Study Identifies Pedestrian Danger Zones

Safety Advocates Call on City to take Strong Actions

A new study by Transportation Alternatives exposes the ten most dangerous intersections for pedestrians in New York City. The corner of 42 Street and 8 Avenue, in front of the Port Authority Bus Terminal ties with the corner of E 33 Street and Park Avenue (Southbound). At both intersections a pedestrian was hit by a car almost once every month for the past five years, a total of 65 crashes each from January 1989 through August 1994.

Top Ten Most Dangerous New York Intersections

January '89-August '94
Crashes Intersection of And: Borough
65 8 Avenue W 42 Street Manhattan
65 E 33 Street Park Avenue (SB) Manhattan
61 8 Avenue W 34 Street Manhattan
56 Broadway W 34 Street Manhattan
52 Lenox Avenue W 125 Street Manhattan
48 3rd Avenue E 149 St/Melrose Bronx
43 3 Avenue E 23 Street Manhattan
43 Chrystie Street Grand Street Manhattan
43 Grand Concourse E 183 Street Bronx
42 Jamaica Avenue Parsons Blvd Queens

Based upon data from the NYS Department of Transportation-Division of Traffic and Safety

Transportation Alternatives, a 3,500 member NYC pedestrian safety group, is calling on the NYCDOT Commissioner Elliot Sander to act quickly and instruct his engineers to redesign these intersections to be safer for pedestrians.

"There are too many pedestrian death zones in NYC. The City could easily do a lot more to make intersections safer and crack down on dangerous drivers," said Paul Harrison, Transportation Alternatives Campaign Coordinator.

The study also found that pedestrians more often than not had the right of way when they are hit. 30.9 percent of pedestrians who are hit by cars in Manhattan are crossing with the light when they are hit. Compared with the 16.2 percent of pedestrians who are crossing against the light when hit, the findings show that the crosswalk haven is often violated by drivers, with disastrous results.

Pedestrian Accidents in Manhattan -

Action of Pedestrian When Accident Occurred

January 1989-August 1994
% of total % with cause Type
11.7 Unknown
30.9 35.0 Crossing with signal
16.2 18.3 Crossing against signal
2.3 1.7 Crossing with crosswalk, no signal
13.3 9.6 Crossing, no signal or crosswalk
1.0 0.8 Along highway with traffic
0.4 0.3 Along highway against traffic
6.8 5.5 Emerging from parked vehicle
0.1 0.1 Child on/off school bus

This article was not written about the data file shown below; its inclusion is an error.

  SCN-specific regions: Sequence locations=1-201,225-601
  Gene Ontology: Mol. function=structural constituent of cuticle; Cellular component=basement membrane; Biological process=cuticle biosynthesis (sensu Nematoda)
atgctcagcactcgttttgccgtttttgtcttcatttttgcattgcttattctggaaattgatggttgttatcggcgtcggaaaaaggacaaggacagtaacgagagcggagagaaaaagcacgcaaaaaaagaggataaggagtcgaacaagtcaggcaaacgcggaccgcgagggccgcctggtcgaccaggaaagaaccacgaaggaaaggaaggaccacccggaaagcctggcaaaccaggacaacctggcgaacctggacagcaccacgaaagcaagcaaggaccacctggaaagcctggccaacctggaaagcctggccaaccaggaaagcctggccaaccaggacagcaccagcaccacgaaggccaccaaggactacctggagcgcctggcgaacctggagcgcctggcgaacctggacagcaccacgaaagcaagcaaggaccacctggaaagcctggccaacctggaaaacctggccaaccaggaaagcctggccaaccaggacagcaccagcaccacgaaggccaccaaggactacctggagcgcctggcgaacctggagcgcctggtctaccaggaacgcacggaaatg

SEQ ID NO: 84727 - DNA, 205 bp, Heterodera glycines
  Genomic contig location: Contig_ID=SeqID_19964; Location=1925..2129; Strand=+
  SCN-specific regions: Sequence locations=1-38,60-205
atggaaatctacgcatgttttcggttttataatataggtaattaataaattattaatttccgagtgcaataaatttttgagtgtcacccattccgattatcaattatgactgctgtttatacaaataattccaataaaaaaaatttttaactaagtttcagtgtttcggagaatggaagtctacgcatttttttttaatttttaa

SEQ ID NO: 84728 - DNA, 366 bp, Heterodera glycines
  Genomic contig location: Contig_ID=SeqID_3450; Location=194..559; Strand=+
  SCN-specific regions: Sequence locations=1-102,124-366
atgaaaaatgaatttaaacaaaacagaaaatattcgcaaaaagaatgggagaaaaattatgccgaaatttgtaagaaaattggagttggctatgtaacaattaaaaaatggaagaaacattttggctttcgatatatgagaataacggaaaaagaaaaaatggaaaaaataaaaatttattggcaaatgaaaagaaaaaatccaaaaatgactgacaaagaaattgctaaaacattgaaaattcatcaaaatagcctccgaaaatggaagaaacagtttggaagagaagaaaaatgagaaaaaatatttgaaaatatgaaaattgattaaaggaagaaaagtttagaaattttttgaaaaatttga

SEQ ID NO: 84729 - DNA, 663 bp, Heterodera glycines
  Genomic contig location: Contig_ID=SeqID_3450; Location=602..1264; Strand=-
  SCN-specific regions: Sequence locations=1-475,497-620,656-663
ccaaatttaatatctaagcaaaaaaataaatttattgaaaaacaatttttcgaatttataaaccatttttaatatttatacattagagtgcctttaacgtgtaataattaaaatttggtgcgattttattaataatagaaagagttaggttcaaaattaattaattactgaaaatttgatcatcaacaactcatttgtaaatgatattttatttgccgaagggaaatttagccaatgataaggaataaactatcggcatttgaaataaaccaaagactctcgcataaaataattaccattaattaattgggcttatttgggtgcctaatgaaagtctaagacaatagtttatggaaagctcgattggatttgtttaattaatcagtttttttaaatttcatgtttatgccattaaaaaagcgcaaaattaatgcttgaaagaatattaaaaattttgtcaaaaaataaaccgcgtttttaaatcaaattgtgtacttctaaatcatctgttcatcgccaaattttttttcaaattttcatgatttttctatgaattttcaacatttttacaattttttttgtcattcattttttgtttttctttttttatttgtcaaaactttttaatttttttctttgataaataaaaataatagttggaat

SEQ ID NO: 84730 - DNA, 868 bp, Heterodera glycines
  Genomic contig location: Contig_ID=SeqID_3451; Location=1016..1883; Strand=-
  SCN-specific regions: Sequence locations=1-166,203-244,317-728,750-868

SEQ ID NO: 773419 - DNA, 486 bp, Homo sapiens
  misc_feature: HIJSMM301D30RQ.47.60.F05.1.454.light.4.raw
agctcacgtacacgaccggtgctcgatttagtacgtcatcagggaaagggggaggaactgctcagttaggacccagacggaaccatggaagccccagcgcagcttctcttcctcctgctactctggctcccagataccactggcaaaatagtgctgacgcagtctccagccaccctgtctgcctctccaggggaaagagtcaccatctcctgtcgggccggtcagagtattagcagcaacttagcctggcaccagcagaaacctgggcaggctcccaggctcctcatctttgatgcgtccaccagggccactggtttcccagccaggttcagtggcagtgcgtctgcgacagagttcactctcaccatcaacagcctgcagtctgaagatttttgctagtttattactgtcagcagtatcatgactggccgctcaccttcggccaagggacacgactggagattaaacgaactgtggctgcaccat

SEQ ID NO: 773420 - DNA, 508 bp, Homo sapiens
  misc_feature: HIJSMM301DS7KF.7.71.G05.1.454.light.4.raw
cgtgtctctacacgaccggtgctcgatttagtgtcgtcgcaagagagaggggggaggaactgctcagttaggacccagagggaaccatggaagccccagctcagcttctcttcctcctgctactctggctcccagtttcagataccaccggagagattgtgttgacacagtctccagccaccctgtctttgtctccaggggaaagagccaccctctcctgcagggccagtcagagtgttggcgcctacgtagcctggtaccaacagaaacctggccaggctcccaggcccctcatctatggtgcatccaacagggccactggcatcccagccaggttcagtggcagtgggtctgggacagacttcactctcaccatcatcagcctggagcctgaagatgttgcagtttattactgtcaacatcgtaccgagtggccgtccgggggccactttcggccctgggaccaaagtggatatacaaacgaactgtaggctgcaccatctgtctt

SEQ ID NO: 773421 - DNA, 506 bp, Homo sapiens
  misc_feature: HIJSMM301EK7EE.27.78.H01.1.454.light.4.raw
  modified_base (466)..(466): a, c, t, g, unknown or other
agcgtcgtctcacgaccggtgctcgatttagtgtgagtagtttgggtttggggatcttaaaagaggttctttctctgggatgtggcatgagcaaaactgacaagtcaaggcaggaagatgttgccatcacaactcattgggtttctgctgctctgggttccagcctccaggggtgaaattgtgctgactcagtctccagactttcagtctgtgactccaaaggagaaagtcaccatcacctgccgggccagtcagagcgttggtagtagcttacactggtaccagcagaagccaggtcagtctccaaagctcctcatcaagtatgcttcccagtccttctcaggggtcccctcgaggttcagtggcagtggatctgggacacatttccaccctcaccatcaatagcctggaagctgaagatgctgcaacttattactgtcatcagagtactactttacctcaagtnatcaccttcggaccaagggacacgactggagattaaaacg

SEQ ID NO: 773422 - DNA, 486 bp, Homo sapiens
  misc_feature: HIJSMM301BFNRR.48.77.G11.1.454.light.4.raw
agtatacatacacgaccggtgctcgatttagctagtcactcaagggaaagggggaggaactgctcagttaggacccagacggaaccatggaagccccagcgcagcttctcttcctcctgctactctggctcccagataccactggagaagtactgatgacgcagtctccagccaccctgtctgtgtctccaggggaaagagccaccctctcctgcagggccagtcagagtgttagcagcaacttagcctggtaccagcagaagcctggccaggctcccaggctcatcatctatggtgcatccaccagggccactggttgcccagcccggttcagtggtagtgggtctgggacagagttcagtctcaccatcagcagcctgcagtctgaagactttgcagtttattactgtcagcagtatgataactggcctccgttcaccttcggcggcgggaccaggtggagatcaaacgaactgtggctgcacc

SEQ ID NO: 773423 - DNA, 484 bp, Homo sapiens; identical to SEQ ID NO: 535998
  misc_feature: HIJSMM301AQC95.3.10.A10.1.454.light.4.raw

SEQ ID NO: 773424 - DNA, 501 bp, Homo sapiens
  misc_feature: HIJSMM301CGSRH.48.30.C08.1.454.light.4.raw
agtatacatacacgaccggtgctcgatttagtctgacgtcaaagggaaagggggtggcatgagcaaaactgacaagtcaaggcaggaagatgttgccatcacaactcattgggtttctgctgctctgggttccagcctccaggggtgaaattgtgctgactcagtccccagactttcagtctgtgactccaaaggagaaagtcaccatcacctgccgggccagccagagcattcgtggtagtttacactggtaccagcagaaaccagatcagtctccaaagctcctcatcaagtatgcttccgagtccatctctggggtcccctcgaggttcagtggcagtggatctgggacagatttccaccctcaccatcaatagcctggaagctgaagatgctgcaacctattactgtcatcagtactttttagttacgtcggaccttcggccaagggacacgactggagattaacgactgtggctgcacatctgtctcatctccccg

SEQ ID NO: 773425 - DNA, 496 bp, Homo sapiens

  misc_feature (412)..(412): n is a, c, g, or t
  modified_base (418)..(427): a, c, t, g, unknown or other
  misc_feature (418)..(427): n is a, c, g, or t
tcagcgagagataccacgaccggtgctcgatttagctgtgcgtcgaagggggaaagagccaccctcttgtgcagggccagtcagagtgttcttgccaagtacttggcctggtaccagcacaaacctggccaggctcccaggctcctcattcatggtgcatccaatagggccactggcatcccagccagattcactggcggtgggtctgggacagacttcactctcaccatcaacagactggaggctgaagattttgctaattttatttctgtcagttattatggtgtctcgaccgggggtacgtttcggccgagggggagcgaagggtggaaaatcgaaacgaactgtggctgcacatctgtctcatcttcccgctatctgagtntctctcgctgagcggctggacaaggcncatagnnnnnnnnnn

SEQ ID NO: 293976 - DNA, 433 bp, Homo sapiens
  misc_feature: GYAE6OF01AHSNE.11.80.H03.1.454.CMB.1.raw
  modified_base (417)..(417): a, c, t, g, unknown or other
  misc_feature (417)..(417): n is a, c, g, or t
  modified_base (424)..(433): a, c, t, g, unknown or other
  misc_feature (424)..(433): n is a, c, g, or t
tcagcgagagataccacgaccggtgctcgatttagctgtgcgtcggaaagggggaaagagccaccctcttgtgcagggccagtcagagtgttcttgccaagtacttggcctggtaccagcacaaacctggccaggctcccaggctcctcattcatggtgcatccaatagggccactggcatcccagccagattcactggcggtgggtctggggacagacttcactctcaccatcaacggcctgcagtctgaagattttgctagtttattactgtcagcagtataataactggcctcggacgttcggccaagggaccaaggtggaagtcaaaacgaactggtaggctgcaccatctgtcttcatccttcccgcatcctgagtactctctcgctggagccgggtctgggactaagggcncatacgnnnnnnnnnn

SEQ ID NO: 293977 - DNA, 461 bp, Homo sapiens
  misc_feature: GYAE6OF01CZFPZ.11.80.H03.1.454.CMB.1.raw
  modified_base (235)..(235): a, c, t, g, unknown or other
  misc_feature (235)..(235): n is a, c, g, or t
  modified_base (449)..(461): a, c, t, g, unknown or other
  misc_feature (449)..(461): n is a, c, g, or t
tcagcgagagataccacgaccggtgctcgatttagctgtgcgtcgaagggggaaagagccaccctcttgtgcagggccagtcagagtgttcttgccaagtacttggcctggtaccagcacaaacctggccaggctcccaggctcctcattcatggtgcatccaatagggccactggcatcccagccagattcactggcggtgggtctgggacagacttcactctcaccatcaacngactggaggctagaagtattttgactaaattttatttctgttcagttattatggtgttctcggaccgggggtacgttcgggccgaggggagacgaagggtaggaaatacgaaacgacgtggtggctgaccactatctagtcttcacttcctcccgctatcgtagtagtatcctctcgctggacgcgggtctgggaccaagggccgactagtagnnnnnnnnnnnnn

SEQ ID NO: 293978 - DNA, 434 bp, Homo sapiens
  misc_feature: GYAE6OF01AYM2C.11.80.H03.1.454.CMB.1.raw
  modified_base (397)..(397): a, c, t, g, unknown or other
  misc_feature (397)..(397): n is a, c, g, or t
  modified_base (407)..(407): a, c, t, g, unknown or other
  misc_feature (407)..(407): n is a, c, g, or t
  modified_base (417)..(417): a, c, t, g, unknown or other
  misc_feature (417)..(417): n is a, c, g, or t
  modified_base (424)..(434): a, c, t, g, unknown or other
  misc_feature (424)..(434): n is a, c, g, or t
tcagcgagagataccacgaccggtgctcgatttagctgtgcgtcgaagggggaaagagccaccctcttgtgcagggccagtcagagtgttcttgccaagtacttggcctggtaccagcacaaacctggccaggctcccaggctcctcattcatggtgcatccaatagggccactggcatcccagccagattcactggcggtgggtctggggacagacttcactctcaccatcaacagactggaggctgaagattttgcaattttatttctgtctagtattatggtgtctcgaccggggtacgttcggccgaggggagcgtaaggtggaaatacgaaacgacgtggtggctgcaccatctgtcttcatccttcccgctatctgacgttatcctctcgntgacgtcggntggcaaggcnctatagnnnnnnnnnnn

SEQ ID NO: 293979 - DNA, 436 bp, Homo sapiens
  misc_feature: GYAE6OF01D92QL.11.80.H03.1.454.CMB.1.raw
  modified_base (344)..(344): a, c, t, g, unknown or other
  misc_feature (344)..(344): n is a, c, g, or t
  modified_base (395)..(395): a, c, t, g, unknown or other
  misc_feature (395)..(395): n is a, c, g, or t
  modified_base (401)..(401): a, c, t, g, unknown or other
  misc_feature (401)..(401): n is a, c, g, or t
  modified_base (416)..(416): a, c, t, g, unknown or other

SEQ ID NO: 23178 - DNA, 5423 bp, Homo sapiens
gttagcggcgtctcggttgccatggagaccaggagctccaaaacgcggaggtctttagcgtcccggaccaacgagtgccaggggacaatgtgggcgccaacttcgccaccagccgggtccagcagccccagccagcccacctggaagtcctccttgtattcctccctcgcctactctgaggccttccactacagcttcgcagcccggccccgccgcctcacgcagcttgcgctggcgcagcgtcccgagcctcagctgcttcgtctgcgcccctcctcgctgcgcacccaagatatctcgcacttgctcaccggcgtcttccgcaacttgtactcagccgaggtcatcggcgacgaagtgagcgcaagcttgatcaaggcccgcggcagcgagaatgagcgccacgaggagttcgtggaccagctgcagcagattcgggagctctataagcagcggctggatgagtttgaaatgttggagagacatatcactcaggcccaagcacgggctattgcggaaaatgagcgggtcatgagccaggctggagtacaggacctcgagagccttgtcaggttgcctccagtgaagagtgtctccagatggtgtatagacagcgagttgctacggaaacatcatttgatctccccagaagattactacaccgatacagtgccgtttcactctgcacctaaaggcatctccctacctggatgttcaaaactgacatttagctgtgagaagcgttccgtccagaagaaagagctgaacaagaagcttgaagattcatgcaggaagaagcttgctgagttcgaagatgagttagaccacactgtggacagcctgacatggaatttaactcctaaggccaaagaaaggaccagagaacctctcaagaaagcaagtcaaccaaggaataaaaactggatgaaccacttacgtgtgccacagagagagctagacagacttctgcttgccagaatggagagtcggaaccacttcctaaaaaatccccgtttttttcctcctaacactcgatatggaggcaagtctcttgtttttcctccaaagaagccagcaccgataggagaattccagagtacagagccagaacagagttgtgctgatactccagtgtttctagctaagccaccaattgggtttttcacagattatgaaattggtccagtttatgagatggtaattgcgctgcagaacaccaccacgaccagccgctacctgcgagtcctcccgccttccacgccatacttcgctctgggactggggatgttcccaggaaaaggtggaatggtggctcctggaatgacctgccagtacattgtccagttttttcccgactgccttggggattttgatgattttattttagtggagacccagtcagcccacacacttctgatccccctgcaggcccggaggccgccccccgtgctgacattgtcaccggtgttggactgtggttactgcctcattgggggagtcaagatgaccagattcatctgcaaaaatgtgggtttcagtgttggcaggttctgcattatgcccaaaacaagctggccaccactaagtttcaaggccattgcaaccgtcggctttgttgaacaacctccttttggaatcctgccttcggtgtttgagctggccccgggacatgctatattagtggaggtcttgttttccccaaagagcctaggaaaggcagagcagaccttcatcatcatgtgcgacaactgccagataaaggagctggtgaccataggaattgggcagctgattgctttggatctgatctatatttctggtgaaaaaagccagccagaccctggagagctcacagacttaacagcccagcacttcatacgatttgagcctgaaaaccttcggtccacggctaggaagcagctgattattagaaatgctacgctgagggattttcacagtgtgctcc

1.7 1.4 Child getting on/off vehicle
0.3 0.3 Pushing/working on car
1.6 1.4 Getting on/off vehicle
0.9 0.8 Playing in roadway
10.3 9.2 Other actions in roadway
2.5 2.4 Not in roadway

Analysis by Transportation Alternatives--from data provided by NYS Department of Transportation Division of Traffic Safety

"New York is 'America's Walking City', but we've got to do more to make it safer and easier to cross the street. Traffic is too fast, 'walk' cycles too short and the distance needed to cross the street too far for all but the most nimble and able bodied of us. For seniors, women pushing baby carriages and the young, it's impossible to cross the street safely in New York City," said Harrison.

Transportation Alternatives is calling on the City to redesign intersections and crossing times and to crack down on speeding, lawless cabbies and dangerous drivers. The city should:

Install Neckdowns. Neckdowns make the distance needed to cross shorter and slow turning cars, by extending the sidewalk into the parking lane at the corner.

Post Speed Limit Signs. New York City has fewer than one speed limit sign for every 11 miles of roadway. By comparison, Los Angeles has more than one sign for every half mile of roadway. Earlier this year, Transportation Alternatives offered a $25 bounty to anyone finding a speed limit sign between 60th St and Houston St in Manhattan, not including the FDR Drive or West Side Highway. Only one sign, at E 14 St and Avenue C, was found.

Enforce Traffic Laws. The city should vastly increase the number of its extremely successful red light cameras and institute a Photo Radar program, which catches speeders by taking pictures of their faces and license plates. The NYPD should redouble its efforts to collar unlicensed drivers, and confiscate their cars.

Re-time Signals. By taking another look at dangerous intersections, from a pedestrians first perspective, the DOT can re-time lights and limit vehicle turning movements to make crossing safer.

Appendix: Most Dangerous Intersections, By Borough

Bronx
48 3rd Ave / E 149th St / Melrose Ave
43 Grand Concourse / E 183rd St
38 Bruckner Boulevard / Hunts Point Ave
33 Jerome Ave / Fordham Rd
33 Fordham Rd / Webster Ave
31 Grand Concourse / E 149th St
31 White Plains Rd / E 233rd St
29 University Ave / Tremont Ave
28 Broadway / W 231st St

Brooklyn
40 Flatbush Ave / Fulton St / Nevins St
38 Atlantic Ave / Nostrand Ave
36 Flatbush Ave / Ave U
36 Broadway / Flushing Ave
31 Flatbush Ave / Church Ave
30 Eastern Pky / Utica Ave
30 Nostrand Ave / Fulton St
30 Broadway / Myrtle Ave

Manhattan
65 8th Ave / W 42nd St
65 Park Ave (southbound) / E 33rd St
61 8th Ave / W 34th St
56 6th Ave / Broadway / W 34th St
52 Lenox Ave / W 125th St
43 3rd Ave / E 23rd St
43 Chrystie St / Grand St
41 9th Ave / W 42nd St
41 8th Ave / W 23rd St
40 3rd Ave / E 14th St
39 42nd Street between 8th and 9th Ave
39 5th Ave / 42nd St
39 34th Street between 5th and 6th Ave
38 Amsterdam Ave / W 125th St
38 34th Street between 7th and 8th Ave
38 Avenue D / E Houston St / Columbia St